Aliasing several ports together that are required to pass a known service can be a great power tool in your toolbox. You can, for example, create an alias for mail that sends all necessary port combinations to the right place to process your mail. In this video, look at how that would be done. Learn how to configure an alias that can reference POP, IMAP, and SMTP, encrypted and decrypted. Discover which ports are necessary for each of the services, what they do, and why you would forward them to a given host.
- [Instructor] The alias and the rules we will create will deny unsecured mail services, because I want them blocked by my firewall. And we know that the existing rules will allow what we need to work otherwise. Let's start in Aliases and click Add. Go to Ports, come over here, click the Add button, and we provide the name of what we will want listed in the Ports area when we're creating a firewall rule. And then we can use a description that includes spaces to be a little bit more descriptive. And then we can select Ports, though we don't have to because it's preselected for us because we started in the Ports area, and then we simply start adding ports. And I'm going to add the ports for unsecured SMTP, POP, and IMAP, which is to say ports 25, 143, and 110. Once I've created each of those three port listings, I'll hit Save, and we'll be done with this alias. Click the Apply Changes button. To reinforce this skill, let's go to Firewall, Rules, and configure a rule on the LAN side to deny outbound access to unsecured mail services. We know we're already blocking all traffic inbound on the WAN, so creating a rule to explicitly deny that inbound traffic would be redundant. We want to be as efficient as possible with rule creation, so with that one rule and the help of a port group alias, we are done with securing out network for mail. Click the Add button. For Action choose Reject. Select the local LAN here. Address Family, Protocol will be TCP, and my Destination can be to any unsecured mail services. And then I can come down here, and then a description, and click Save. Click Apply Changes, and you're all set.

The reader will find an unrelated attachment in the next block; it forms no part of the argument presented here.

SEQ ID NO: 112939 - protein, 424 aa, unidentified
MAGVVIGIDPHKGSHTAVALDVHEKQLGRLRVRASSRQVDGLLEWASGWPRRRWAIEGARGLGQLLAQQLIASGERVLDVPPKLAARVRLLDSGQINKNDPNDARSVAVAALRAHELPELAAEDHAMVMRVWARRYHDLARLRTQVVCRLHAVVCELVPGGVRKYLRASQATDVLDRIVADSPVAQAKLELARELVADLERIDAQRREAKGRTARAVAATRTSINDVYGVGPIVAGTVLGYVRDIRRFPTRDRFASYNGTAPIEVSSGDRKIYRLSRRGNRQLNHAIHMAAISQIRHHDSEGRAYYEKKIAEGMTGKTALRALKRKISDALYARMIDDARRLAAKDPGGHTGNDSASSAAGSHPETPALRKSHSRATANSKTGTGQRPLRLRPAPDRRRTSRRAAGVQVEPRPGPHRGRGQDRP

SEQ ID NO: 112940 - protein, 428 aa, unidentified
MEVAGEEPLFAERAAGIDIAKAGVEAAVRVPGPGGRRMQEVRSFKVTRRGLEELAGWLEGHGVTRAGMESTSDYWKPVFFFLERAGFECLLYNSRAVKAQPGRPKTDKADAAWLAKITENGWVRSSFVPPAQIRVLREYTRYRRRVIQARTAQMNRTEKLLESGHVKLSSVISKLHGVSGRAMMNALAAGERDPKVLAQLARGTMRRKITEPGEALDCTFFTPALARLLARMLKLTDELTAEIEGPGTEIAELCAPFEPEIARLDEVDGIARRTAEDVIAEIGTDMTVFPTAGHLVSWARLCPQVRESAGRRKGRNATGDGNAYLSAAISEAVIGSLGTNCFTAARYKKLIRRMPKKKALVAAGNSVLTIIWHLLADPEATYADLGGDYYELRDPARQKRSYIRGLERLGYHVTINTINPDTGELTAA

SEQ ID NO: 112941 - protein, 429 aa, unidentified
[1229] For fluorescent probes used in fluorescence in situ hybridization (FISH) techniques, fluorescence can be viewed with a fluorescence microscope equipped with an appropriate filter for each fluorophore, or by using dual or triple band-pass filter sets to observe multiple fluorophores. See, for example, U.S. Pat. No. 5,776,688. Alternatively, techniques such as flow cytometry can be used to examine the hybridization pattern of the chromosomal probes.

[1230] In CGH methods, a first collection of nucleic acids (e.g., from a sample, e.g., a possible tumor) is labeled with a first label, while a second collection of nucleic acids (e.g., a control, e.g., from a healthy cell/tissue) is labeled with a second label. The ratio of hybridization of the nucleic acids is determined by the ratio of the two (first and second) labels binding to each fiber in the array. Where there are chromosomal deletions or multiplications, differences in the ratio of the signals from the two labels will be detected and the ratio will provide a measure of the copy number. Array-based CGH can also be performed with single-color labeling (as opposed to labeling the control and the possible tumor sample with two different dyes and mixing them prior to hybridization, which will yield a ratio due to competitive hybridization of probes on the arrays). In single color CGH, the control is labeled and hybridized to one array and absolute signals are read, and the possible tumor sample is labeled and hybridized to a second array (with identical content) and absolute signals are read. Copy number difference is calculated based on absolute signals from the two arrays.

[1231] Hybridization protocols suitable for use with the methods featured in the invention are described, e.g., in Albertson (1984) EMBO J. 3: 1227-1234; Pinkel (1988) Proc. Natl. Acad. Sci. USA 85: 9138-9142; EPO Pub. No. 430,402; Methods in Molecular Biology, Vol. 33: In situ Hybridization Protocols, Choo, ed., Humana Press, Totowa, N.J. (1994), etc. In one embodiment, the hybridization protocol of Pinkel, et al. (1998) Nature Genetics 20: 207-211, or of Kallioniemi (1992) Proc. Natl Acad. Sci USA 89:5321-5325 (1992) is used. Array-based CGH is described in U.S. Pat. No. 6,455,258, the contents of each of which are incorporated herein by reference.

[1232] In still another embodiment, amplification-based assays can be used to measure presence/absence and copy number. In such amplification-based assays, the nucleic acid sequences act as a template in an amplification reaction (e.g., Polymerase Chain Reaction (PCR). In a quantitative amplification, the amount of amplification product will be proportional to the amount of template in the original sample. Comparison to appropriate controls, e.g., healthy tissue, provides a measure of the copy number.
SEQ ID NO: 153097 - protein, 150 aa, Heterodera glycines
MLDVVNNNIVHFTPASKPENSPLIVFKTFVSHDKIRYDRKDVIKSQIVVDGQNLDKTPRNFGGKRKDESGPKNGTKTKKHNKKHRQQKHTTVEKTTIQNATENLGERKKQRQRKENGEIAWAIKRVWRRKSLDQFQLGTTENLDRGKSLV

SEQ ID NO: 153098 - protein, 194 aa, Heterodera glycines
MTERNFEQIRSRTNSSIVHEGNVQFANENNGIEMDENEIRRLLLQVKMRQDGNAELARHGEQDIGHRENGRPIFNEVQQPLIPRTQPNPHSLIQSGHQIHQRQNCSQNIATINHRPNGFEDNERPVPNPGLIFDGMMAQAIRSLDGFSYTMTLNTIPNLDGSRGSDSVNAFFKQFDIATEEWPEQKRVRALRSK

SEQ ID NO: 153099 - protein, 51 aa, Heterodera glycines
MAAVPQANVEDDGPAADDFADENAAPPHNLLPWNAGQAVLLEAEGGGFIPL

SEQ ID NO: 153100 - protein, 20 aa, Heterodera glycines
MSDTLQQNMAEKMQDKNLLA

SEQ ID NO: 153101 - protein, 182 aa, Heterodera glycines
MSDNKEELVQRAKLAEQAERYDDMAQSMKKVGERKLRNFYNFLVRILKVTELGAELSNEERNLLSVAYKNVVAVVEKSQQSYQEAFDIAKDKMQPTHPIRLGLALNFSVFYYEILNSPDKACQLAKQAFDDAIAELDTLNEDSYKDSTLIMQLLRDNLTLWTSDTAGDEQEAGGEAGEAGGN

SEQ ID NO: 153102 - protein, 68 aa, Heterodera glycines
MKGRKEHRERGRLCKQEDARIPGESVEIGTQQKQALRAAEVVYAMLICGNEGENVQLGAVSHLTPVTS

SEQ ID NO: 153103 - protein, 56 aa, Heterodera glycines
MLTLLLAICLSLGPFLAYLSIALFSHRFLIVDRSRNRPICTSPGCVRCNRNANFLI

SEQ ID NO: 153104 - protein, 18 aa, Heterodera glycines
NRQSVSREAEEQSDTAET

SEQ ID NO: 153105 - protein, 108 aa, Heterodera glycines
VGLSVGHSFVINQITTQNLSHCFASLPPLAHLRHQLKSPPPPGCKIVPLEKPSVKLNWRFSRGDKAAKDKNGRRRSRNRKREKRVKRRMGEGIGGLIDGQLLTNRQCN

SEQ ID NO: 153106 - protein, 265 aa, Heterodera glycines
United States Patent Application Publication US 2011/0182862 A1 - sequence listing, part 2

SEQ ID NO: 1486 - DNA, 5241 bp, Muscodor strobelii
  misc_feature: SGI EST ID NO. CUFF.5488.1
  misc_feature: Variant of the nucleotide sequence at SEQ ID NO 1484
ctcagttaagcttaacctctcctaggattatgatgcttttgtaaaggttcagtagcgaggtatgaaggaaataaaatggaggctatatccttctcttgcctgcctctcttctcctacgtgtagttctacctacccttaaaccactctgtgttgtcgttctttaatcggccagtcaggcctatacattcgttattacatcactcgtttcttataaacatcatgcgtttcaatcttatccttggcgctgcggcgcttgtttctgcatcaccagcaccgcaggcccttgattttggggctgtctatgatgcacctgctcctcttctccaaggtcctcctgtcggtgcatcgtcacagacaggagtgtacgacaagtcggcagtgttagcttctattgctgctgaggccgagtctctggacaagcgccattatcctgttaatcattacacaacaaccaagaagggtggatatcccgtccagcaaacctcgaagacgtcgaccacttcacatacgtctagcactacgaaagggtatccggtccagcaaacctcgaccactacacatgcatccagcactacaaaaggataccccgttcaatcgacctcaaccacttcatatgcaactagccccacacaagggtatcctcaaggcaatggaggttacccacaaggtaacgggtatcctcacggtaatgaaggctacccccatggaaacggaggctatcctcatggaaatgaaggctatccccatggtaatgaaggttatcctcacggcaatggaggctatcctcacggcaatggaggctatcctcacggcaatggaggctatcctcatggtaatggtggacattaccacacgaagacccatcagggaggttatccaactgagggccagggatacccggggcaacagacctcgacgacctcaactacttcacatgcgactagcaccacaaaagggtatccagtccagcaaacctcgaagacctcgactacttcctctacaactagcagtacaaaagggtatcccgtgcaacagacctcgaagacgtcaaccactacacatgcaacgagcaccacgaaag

- Designing your network
- Creating firewall schedules and rules
- Setting up a virtual IP
- Using aliases to group hosts
- Preventing local traffic from exiting to the internet
- Using Snort and other intrusion detection systems
- Prioritizing VoIP traffic
- Blocking access to specific websites
- Troubleshooting gaming performance issues
- Interpreting TCP flag definitions